Guest Expert

Improving Organization in Kids

Melinda McNeal

Organization seems like it is just a series of steps…first, next, then finally. Yet it is actually much more complicated than that. It is the foundation of all behavior, and guides our ability to comprehend.


For parents of a child with ADHD, these steps are constantly challenged, or  changed, even when mapped out in a consistent and efficient manner. “Where did I go wrong?” we wonder. “It seems so simple…why can’t s/he just follow the steps?”


It is important to realize that change is a multifaceted process, not just a prescribed outcome. Let’s imagine you have selected an area of organization where your child is having difficulty, and you want to implement a new routine. You outline the steps, and have even made a chart to facilitate the change. Is that all you need to do?


Actually, there are 3 missing parts that can help you set up your child for success.



The plan above is based on your attitude and belief system of what this routine should look like. Maybe you bought a guide, you always did it this way, or your mom did. Does your child envision this routine the same way?


I remember doing a desk check at school of a child with ADHD. To my eyes, it was a mess. He hadn’t followed the plan. After reviewing what he needed to do, he started crying. He looked at me and said, “Don’t you get it? If I put everything in folders I can’t find anything!” My belief system of organization had dictated the plan…my plan, not his plan. From that experience I learned to start every plan for organization with an empty slate, armed with an arsenal of ideas, but willing to set my ideas aside and allow the child to dictate the journey.



Just because you want to see something change doesn’t mean the rest of the family sees the same need. But if you get everyone’s investment, your likelihood of success is greatly improved. You can do this by involving the whole family in the process. Start with an informal needs assessment to pinpoint the area of need. (Hint: special consideration needs to be given to the opinion of the child experiencing difficulty). This develops readiness and helps make it a team- based environment, versus one of isolation.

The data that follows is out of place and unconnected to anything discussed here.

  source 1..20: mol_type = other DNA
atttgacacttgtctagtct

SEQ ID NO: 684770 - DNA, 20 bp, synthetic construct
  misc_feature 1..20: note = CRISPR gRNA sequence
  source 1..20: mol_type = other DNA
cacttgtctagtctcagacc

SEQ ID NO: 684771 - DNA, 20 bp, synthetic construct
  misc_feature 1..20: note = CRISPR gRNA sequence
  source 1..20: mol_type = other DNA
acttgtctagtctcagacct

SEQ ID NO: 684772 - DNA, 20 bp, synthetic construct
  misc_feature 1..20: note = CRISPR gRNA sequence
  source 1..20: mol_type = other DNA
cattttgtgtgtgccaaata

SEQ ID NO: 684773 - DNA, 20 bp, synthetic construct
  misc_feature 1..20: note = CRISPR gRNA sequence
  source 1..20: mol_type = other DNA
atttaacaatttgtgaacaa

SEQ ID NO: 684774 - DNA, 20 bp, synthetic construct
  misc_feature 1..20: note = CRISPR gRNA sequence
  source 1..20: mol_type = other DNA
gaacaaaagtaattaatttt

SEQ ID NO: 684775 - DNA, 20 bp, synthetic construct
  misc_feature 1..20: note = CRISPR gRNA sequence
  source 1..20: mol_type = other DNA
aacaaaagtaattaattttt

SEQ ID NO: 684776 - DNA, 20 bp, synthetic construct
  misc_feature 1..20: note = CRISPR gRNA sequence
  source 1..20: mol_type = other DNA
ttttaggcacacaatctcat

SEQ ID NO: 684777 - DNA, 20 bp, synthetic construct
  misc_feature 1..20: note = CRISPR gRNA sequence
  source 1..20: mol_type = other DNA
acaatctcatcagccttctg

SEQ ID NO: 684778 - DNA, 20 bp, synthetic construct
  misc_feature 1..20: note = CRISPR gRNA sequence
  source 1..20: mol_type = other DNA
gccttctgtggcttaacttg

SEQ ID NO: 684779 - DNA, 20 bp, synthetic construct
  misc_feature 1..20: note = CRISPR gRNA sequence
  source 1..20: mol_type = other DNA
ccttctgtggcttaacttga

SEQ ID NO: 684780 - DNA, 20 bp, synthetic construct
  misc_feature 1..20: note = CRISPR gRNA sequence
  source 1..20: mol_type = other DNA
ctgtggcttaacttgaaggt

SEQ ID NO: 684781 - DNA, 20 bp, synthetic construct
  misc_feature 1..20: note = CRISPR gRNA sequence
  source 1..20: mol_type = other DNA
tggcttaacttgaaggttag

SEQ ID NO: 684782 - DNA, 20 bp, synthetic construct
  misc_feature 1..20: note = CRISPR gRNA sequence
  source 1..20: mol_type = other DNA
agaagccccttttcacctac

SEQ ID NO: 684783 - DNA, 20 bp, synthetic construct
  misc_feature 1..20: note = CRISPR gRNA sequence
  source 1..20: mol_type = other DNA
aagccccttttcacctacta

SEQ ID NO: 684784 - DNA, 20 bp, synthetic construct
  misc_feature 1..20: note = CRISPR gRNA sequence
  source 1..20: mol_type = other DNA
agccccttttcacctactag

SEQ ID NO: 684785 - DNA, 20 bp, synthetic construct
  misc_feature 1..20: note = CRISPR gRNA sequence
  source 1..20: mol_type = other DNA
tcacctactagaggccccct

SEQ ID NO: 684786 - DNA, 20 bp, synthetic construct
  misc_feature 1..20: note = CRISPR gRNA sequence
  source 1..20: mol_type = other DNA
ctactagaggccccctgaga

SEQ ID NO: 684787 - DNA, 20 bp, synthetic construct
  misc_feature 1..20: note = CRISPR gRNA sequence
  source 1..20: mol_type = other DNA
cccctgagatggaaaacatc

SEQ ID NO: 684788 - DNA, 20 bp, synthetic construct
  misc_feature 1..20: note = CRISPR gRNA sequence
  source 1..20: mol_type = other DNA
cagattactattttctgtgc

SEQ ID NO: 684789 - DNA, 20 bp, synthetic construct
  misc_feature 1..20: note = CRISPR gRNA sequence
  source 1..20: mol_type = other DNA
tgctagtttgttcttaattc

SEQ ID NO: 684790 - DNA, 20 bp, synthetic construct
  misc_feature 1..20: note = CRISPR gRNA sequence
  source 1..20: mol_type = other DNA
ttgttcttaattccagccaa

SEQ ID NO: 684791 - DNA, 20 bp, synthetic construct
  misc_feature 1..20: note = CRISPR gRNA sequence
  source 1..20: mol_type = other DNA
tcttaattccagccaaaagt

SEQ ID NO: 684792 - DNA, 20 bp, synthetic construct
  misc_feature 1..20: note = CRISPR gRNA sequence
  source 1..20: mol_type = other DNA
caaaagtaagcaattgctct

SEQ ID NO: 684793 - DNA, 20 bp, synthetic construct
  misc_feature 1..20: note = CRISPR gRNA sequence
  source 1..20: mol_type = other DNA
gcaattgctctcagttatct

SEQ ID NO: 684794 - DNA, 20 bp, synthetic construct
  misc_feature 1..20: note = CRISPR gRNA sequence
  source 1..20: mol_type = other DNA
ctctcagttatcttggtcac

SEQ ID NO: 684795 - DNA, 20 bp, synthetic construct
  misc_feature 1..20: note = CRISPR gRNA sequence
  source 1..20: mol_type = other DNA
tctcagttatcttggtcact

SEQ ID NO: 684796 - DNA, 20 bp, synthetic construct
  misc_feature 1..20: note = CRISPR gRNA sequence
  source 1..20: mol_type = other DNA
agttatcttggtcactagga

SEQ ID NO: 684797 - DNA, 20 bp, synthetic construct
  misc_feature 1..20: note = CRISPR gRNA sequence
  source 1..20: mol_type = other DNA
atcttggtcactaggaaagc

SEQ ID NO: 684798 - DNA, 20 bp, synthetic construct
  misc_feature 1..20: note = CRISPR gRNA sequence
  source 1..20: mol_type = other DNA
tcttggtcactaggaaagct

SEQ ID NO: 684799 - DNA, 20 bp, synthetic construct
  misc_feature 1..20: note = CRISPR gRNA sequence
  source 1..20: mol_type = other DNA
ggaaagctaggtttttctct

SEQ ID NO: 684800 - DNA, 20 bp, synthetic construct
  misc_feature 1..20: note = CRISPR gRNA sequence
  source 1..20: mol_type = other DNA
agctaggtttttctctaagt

Once the area of need is determined, demonstrate what the task looks like now, and what it could look like. Make it concrete. Try letting the family experience a visual or auditory record of the current chaos. Then, write what I call a task completion story. Actually create a story, with or without pictures, that sequentially walks the child through the task. Make it a family project by including what the other family members are doing during this time as a side note. Use crazy pictures or rhyming words to make it fun.


Finally, review the process. Discuss how task completion, done in a timely and efficient manner, will reduce family stress and allow for extra time to play, sleep or spend time with you. It is crucial that all participants establish his/her own incentive/reward for the change. By involving the whole family in the planning process, it allows time for those involved to rethink previous mindsets, become vested in the process, and own the change.




Problems will occur with any change. That’s normal. How you view those challenges will determine how much trouble they cause. For example you may think there is no way you can get your teenage son to be part of a team to create a task completion story for his younger brother with ADHD. What if you try viewing that thought as something to investigate, instead of a negative roadblock?  I suggest you help the family see problems as friends. Ownership comes from actively solving problems, so why not ask your teenager to use creative thinking skills to help solve the problem listed above? An incentive would help, but ultimately people like being asked for help, and your teen gets to become part of the solution.


People with ADHD view the world differently than those without. Yet their view, which may seem skewed to those without ADHD, needs to be considered. When you examine your belief system about organization and change, before trying to help your child  establish his/her own, you can create a space that allows active participation in the decision making process. Then, as you establish an environment that views problems as friends and vehicles for growth, you’ll foster increased ownership of the process, reduced negativity, increased self-esteem, and ultimately successful organizational change.


More From ADHD Blog